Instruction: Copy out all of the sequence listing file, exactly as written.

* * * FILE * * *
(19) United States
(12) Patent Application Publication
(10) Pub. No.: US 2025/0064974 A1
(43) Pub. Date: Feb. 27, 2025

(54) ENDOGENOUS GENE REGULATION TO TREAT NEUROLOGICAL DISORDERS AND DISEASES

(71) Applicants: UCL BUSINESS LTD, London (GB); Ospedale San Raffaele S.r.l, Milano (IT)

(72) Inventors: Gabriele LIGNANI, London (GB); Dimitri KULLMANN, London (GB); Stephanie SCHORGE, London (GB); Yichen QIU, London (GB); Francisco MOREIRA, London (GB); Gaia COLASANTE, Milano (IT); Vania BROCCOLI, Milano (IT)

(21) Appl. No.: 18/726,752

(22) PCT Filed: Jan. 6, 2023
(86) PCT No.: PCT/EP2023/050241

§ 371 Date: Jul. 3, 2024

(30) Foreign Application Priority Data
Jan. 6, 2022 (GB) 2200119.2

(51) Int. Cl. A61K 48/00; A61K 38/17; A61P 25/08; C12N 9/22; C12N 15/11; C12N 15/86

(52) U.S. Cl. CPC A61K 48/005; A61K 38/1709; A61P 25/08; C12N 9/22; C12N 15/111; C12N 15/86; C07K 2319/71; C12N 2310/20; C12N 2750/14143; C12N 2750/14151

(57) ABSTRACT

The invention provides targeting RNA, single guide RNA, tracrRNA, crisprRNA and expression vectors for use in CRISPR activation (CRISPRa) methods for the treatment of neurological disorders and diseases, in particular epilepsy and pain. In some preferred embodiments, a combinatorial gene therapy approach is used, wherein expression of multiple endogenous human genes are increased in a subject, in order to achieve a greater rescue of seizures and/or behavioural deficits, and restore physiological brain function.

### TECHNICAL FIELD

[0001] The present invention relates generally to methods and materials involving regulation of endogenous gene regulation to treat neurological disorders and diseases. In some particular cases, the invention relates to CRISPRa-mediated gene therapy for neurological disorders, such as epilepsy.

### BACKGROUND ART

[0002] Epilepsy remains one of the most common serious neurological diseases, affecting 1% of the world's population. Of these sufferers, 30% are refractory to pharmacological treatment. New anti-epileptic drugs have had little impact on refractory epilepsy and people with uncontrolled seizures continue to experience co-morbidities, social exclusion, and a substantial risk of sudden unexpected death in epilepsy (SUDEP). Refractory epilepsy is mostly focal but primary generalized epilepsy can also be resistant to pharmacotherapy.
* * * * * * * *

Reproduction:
(19) United States
(12) Patent Application Publication
(10) Pub. No.: US 2025/0064974 A1
(43) Pub. Date: Feb. 27, 2025

(54) ENDOGENOUS GENE REGULATION TO TREAT NEUROLOGICAL DISORDERS AND DISEASES

(71) Applicants: UCL BUSINESS LTD, London (GB); Ospedale San Raffaele S.r.l, Milano (IT)

(72) Inventors: Gabriele LIGNANI, London (GB); Dimitri KULLMANN, London (GB); Stephanie SCHORGE, London (GB); Yichen QIU, London (GB); Francisco MOREIRA, London (GB); Gaia COLASANTE, Milano (IT); Vania BROCCOLI, Milano (IT)

(21) Appl. No.: 18/726,752

(22) PCT Filed: Jan. 6, 2023
(86) PCT No.: PCT/EP2023/050241

§ 371 Date: Jul. 3, 2024

(30) Foreign Application Priority Data
Jan. 6, 2022 (GB) 2200119.2

(51) Int. Cl. A61K 48/00; A61K 38/17; A61P 25/08; C12N 9/22; C12N 15/11; C12N 15/86

(52) U.S. Cl. CPC A61K 48/005; A61K 38/1709; A61P 25/08; C12N 9/22; C12N 15/111; C12N 15/86; C07K 2319/71; C12N 2310/20; C12N 2750/14143; C12N 2750/14151

(57) ABSTRACT

The invention provides targeting RNA, single guide RNA, tracrRNA, crisprRNA and expression vectors for use in CRISPR activation (CRISPRa) methods for the treatment of neurological disorders and diseases, in particular epilepsy and pain. In some preferred embodiments, a combinatorial gene therapy approach is used, wherein expression of multiple endogenous human genes are increased in a subject, in order to achieve a greater rescue of seizures and/or behavioural deficits, and restore physiological brain function.

### TECHNICAL FIELD

[0001] The present invention relates generally to methods and materials involving regulation of endogenous gene regulation to treat neurological disorders and diseases. In some particular cases, the invention relates to CRISPRa-mediated gene therapy for neurological disorders, such as epilepsy.

### BACKGROUND ART

[0002] Epilepsy remains one of the most common serious neurological diseases, affecting 1% of the world's population. Of these sufferers, 30% are refractory to pharmacological treatment. New anti-epileptic drugs have had little impact on refractory epilepsy and people with uncontrolled seizures continue to experience co-morbidities, social exclusion, and a substantial risk of sudden unexpected death in epilepsy (SUDEP). Refractory epilepsy is mostly focal but primary generalized epilepsy can also be resistant to pharmacotherapy.